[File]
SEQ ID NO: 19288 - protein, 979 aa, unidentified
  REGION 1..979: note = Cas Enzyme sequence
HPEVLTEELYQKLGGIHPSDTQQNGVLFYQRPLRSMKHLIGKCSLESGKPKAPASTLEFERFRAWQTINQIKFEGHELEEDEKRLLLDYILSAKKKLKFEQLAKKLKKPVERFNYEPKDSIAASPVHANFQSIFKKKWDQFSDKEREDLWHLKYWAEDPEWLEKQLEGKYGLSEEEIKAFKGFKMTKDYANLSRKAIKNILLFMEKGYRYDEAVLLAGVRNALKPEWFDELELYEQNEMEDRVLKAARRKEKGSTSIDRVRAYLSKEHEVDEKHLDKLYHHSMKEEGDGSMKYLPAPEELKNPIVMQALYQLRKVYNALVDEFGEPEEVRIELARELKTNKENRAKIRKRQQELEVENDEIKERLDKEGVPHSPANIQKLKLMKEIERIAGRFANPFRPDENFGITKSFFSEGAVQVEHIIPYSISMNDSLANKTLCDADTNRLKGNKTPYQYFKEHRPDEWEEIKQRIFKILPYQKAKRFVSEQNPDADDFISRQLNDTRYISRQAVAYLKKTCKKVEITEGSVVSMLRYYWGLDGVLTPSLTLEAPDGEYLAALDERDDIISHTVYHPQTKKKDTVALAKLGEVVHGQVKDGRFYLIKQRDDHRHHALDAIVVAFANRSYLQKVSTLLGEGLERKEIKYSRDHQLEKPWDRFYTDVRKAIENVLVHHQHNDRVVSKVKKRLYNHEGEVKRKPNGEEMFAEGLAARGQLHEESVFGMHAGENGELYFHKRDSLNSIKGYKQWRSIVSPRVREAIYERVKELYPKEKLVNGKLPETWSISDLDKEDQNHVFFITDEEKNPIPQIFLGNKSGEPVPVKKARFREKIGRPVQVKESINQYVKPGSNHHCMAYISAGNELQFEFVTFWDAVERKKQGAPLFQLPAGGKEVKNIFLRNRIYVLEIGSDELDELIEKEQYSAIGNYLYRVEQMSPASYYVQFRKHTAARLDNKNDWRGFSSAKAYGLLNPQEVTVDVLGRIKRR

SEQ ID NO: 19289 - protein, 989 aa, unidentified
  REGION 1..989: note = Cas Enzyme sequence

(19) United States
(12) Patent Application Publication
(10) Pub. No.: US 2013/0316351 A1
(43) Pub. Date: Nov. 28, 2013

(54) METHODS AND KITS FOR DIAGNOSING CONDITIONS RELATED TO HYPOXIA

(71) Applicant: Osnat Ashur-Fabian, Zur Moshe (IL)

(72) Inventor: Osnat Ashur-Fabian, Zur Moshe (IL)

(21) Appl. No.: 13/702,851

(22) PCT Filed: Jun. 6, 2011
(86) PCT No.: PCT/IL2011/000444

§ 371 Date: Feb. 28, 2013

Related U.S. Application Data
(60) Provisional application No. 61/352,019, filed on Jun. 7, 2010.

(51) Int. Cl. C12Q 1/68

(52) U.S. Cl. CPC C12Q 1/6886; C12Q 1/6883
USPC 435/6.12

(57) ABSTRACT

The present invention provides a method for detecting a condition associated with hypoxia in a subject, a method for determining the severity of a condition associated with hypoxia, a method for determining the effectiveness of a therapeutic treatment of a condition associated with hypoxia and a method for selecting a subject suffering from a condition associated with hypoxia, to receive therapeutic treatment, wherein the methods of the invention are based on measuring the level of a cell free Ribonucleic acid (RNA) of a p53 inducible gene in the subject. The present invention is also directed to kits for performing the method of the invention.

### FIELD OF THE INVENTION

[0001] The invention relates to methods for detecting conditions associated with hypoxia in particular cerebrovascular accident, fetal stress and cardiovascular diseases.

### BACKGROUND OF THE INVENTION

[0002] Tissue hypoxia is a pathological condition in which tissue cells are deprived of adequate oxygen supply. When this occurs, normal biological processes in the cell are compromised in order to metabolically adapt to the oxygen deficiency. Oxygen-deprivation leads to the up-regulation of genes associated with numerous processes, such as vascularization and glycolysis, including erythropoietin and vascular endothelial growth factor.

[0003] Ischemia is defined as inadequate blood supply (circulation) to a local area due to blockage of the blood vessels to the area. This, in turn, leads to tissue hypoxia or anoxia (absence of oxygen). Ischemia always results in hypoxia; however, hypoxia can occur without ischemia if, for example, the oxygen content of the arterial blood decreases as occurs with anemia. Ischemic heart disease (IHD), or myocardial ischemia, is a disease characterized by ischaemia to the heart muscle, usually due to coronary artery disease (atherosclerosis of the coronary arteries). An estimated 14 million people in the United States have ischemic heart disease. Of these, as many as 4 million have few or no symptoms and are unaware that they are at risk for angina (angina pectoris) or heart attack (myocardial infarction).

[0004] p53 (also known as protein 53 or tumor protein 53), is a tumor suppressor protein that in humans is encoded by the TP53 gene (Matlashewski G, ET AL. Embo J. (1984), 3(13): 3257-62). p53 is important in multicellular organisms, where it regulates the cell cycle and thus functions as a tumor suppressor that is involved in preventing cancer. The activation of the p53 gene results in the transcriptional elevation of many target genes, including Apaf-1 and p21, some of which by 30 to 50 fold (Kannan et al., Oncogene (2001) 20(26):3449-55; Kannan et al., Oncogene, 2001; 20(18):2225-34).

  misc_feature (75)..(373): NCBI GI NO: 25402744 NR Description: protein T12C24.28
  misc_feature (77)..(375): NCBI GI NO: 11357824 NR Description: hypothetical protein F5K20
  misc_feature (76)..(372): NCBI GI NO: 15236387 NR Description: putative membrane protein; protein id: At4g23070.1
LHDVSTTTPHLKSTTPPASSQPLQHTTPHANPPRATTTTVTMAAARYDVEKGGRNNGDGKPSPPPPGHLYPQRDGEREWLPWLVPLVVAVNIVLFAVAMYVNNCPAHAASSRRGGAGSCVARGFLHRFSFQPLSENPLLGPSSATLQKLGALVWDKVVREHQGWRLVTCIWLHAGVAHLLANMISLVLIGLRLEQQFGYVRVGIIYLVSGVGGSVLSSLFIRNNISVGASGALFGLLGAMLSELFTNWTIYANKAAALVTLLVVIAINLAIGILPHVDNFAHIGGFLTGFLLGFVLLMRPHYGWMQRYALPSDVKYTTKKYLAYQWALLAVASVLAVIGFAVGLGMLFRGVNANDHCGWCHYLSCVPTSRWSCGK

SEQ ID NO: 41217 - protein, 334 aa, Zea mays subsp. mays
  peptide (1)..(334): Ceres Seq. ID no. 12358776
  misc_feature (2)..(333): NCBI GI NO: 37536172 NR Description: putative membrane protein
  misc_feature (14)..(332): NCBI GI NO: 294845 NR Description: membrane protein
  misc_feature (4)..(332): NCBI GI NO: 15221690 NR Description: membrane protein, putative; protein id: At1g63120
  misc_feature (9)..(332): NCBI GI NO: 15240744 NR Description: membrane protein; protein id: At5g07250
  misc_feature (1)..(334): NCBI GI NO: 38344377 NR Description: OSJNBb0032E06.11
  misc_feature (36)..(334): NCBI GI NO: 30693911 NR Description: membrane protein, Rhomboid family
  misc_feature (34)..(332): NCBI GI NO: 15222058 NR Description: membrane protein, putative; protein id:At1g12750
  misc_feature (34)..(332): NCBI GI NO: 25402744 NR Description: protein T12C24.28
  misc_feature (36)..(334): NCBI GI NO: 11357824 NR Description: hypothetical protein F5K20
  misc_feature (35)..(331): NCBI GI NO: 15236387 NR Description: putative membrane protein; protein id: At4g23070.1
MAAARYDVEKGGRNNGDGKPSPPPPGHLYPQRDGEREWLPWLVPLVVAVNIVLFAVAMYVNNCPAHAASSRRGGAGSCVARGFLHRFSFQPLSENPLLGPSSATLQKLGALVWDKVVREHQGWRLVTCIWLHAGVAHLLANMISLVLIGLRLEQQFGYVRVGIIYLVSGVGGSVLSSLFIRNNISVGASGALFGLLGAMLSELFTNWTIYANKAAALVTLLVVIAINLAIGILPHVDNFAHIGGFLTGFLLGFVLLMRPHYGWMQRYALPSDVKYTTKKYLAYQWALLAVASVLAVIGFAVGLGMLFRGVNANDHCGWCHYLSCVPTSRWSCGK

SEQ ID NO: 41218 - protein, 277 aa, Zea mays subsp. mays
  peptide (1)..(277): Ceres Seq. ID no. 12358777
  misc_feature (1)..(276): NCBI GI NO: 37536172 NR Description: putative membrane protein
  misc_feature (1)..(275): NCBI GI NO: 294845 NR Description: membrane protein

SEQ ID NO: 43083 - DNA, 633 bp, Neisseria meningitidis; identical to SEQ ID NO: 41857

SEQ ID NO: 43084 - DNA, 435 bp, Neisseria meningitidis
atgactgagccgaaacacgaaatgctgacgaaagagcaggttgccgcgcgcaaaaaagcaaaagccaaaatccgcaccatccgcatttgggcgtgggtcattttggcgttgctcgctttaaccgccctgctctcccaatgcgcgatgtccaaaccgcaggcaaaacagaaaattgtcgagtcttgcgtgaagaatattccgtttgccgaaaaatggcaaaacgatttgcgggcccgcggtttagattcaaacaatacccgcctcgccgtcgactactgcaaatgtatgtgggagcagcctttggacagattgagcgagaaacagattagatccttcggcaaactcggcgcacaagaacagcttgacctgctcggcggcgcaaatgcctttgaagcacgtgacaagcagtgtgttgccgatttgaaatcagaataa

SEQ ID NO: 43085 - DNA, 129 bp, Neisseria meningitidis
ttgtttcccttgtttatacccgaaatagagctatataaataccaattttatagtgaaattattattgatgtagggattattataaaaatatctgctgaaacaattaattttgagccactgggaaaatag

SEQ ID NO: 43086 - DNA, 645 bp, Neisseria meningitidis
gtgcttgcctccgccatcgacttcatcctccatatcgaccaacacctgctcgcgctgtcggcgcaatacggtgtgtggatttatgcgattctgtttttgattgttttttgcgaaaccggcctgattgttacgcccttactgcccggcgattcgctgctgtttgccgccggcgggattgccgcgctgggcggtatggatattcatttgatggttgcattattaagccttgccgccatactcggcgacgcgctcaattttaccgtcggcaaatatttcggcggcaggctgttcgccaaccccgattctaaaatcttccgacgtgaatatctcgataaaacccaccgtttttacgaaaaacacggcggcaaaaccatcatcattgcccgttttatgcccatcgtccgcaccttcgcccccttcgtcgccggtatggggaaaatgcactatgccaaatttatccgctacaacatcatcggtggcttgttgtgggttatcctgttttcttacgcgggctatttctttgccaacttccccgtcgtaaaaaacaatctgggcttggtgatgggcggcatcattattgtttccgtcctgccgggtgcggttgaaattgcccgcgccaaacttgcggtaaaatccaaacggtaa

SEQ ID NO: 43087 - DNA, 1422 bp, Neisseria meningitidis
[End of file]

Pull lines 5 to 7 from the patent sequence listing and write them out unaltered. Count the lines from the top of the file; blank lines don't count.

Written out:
  REGION 1..989: note = Cas Enzyme sequence

(19) United States
(12) Patent Application Publication